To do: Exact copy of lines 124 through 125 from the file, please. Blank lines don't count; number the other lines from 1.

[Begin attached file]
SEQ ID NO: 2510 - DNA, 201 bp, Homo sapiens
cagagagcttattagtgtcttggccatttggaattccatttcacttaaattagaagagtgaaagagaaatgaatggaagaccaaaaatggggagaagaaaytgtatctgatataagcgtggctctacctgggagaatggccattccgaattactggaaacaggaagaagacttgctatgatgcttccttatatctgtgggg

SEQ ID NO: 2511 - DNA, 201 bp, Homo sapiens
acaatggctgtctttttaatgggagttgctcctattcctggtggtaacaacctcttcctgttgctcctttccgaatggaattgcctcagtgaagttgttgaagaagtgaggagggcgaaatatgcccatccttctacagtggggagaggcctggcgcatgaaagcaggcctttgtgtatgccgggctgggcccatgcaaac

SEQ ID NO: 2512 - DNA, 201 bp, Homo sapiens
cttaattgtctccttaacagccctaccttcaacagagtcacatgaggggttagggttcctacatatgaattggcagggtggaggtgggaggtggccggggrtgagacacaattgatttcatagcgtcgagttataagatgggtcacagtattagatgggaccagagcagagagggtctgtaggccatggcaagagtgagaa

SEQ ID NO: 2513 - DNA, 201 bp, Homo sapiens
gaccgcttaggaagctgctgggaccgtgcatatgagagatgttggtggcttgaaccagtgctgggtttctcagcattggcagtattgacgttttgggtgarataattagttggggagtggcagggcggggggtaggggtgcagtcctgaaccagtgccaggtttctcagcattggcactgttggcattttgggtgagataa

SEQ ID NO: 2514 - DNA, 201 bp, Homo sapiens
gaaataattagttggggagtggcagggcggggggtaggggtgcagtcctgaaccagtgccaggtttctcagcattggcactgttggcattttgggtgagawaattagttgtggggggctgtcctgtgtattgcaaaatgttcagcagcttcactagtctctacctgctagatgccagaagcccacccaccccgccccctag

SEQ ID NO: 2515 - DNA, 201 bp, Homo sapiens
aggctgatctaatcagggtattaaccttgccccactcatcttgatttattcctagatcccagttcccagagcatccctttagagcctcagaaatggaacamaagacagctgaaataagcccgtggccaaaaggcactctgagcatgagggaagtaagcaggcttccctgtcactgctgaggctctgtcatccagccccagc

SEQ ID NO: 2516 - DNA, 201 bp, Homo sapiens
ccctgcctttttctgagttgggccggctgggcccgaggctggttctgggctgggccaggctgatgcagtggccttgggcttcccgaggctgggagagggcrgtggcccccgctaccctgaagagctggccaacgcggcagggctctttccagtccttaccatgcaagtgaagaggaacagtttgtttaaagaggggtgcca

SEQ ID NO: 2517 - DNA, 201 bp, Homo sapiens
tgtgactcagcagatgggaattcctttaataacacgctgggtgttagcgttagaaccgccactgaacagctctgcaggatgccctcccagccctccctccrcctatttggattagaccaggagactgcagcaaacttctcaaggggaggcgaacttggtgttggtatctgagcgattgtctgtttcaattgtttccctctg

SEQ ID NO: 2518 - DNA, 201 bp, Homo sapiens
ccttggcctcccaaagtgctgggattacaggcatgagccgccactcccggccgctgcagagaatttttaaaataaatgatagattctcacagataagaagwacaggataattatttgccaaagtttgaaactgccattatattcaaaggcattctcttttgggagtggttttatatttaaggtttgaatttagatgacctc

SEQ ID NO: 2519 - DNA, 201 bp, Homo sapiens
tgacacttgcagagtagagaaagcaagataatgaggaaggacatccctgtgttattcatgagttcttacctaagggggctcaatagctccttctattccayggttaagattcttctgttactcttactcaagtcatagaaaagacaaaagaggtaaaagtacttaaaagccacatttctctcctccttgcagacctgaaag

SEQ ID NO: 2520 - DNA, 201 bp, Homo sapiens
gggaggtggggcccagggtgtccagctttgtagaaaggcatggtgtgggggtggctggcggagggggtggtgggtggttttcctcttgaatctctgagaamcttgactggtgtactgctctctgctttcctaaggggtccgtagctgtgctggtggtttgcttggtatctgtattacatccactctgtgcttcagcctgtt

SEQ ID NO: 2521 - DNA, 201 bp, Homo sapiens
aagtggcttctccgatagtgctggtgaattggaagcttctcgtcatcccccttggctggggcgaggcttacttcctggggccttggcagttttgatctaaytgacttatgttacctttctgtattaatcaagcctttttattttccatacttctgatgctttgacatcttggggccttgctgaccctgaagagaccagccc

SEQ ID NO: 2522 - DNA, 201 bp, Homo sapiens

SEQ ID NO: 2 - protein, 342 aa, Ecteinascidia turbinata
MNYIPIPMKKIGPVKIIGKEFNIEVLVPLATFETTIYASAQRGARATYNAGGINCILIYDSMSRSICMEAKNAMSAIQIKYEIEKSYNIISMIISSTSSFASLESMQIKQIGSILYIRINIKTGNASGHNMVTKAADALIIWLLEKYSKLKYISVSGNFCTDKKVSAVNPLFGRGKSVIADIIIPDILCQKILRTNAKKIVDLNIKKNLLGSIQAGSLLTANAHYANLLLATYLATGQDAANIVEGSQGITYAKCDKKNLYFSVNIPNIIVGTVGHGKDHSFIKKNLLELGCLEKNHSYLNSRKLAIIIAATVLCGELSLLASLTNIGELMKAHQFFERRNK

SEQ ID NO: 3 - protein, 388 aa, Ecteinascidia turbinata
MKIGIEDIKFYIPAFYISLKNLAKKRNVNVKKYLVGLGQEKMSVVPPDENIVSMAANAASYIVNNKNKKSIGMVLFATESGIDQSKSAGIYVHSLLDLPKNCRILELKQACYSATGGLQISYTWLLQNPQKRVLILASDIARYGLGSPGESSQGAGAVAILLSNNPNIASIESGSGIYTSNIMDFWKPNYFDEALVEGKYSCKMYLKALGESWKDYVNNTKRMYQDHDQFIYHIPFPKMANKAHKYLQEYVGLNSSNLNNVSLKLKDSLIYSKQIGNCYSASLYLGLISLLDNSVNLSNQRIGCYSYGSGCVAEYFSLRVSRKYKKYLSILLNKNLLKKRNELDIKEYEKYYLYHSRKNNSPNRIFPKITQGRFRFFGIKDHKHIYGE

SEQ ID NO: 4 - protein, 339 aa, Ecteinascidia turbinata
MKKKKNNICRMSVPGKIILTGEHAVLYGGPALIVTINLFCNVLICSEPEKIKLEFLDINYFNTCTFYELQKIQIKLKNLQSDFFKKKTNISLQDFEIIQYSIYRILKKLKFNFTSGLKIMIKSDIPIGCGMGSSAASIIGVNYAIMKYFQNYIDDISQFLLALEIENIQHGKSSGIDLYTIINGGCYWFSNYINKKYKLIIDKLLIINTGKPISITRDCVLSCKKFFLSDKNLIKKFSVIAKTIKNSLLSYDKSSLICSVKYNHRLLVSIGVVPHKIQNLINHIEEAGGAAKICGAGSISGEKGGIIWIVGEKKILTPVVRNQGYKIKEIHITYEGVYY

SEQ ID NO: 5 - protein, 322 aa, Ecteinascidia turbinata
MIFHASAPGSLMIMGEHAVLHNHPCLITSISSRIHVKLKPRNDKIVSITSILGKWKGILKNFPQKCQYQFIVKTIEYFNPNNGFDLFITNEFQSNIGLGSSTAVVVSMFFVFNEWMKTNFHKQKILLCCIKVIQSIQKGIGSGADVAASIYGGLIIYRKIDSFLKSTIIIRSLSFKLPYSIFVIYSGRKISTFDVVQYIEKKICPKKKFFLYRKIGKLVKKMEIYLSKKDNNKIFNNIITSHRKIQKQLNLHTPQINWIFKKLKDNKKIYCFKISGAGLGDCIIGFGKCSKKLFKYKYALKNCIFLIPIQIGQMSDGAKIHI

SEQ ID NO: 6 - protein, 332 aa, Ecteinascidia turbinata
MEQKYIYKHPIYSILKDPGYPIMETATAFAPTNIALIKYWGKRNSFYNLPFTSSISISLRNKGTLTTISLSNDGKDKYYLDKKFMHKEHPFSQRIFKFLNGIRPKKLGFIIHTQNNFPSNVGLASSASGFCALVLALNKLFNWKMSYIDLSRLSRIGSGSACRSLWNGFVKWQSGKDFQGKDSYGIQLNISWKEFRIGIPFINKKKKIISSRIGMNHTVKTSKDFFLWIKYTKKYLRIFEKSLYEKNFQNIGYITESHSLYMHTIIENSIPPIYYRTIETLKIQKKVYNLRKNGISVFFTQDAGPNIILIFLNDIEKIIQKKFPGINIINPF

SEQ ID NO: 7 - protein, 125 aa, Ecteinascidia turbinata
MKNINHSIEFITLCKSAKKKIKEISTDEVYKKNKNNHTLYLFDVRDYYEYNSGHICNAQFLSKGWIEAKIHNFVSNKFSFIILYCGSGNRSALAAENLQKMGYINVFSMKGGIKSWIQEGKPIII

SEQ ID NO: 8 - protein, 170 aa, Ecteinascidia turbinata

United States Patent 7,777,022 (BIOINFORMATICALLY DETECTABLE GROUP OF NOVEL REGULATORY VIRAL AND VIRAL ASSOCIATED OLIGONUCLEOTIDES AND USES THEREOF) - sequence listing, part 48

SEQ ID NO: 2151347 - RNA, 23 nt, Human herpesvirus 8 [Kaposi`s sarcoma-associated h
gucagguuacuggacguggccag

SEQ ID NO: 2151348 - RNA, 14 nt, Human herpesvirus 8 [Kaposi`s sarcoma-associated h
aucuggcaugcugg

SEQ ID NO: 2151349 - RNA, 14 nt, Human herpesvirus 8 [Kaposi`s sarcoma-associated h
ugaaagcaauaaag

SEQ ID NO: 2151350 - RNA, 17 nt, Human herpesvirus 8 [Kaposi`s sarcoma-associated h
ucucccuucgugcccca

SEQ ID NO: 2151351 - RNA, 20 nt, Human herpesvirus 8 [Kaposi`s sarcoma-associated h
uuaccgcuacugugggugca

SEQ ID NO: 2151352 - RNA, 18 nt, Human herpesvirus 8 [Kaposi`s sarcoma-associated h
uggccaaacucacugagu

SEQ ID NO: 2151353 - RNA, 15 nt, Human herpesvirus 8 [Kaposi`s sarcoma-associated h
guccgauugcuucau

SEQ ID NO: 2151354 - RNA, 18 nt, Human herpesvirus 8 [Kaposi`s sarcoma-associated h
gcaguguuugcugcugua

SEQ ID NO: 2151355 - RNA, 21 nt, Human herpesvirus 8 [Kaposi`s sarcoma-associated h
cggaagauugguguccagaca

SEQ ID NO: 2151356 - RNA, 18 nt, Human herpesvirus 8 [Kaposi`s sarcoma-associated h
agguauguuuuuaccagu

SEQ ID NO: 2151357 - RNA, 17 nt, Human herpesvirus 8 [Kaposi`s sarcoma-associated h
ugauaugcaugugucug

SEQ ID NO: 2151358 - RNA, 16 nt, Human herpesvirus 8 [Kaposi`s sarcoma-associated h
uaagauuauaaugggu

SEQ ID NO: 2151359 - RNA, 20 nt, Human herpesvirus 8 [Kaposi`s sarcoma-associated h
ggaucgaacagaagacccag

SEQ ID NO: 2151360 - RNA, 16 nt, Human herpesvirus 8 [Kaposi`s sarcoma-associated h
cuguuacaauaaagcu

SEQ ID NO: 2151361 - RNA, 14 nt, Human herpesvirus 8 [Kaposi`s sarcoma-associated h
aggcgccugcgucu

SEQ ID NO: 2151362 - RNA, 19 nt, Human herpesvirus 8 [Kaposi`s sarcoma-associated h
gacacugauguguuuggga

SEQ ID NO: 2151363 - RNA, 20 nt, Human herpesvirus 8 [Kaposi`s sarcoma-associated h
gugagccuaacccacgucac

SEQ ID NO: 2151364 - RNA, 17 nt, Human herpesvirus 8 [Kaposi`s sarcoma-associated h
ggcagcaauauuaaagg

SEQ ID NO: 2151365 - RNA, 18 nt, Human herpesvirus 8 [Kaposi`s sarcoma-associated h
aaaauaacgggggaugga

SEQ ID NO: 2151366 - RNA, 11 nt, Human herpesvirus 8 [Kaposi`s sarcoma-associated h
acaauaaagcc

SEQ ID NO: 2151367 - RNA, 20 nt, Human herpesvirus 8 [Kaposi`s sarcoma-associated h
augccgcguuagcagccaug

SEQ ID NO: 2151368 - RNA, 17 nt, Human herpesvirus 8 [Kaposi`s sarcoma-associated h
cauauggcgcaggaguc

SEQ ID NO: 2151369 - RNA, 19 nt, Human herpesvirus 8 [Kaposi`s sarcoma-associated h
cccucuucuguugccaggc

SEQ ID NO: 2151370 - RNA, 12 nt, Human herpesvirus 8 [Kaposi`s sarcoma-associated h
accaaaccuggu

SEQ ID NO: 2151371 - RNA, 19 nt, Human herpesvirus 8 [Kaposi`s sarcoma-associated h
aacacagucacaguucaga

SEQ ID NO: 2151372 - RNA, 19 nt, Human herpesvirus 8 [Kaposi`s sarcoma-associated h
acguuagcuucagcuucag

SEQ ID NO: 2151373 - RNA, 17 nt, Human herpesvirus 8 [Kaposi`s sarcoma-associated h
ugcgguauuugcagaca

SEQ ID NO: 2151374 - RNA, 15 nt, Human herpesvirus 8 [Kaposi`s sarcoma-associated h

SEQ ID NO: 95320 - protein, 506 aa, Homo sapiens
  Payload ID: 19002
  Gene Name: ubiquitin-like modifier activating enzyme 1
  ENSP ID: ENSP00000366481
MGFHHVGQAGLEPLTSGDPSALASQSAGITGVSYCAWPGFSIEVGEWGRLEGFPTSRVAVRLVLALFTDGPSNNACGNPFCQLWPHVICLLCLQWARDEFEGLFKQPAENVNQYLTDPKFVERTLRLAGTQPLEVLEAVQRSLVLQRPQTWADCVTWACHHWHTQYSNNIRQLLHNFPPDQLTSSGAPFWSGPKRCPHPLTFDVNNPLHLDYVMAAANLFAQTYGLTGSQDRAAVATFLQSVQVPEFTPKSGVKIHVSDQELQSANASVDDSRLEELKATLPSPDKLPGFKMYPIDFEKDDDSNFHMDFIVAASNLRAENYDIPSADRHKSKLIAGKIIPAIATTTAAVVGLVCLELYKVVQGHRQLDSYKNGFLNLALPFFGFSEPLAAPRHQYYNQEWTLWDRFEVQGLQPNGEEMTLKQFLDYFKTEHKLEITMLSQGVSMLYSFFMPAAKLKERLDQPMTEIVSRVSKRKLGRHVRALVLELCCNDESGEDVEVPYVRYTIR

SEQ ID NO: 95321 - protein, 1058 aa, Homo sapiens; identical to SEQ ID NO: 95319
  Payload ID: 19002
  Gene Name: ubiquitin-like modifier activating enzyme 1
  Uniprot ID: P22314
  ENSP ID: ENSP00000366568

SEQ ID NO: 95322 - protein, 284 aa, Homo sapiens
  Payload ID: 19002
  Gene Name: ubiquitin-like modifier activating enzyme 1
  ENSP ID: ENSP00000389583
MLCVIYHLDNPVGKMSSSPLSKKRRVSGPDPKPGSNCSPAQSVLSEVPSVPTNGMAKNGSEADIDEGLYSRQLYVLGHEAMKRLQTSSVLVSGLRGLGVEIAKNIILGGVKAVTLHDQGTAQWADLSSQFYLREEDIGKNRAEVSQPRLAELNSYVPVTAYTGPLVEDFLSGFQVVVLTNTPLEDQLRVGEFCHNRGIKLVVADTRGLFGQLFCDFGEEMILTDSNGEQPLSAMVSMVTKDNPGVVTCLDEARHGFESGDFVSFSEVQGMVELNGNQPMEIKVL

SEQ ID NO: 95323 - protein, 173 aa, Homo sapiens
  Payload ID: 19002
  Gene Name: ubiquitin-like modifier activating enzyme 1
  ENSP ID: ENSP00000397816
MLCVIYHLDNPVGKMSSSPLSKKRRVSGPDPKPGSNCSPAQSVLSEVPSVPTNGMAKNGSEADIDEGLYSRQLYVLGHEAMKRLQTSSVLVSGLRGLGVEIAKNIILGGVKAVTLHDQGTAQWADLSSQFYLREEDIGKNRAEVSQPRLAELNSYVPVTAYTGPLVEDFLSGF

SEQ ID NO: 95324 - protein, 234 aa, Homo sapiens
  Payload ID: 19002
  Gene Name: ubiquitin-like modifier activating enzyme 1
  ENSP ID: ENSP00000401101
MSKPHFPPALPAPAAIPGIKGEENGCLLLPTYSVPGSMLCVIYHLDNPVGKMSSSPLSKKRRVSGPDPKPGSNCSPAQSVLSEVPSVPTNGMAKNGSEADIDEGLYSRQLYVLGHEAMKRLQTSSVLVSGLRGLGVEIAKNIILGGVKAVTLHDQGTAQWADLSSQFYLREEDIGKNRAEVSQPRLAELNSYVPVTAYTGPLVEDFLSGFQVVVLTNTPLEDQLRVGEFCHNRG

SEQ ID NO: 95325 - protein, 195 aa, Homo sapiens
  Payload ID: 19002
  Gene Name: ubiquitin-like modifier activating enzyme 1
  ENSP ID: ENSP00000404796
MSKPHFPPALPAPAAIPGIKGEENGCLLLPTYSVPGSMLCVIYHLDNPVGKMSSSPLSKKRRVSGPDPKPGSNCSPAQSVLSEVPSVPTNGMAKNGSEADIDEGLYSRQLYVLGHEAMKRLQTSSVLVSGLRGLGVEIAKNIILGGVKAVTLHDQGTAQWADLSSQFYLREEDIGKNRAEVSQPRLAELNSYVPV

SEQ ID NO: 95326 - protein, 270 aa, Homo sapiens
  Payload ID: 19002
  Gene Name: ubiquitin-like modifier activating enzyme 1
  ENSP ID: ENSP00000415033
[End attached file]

MSKPHFPPALPAPAAIPGIKGEENGCLLLPTYSVPGSMLCVIYHLDNPVGKMSSSPLSKKRRVSGPDPKPGSNCSPAQSVLSEVPSVPTNGMAKNGSEADIDEGLYSRQLYVLGHEAMKRLQTSSVLVSGLRGLGVEIAKNIILGGVKAVTLHDQGTAQWADLSSQFYLREEDIGKNRAEVSQPRLAELNSYVPV

SEQ ID NO: 95326 - protein, 270 aa, Homo sapiens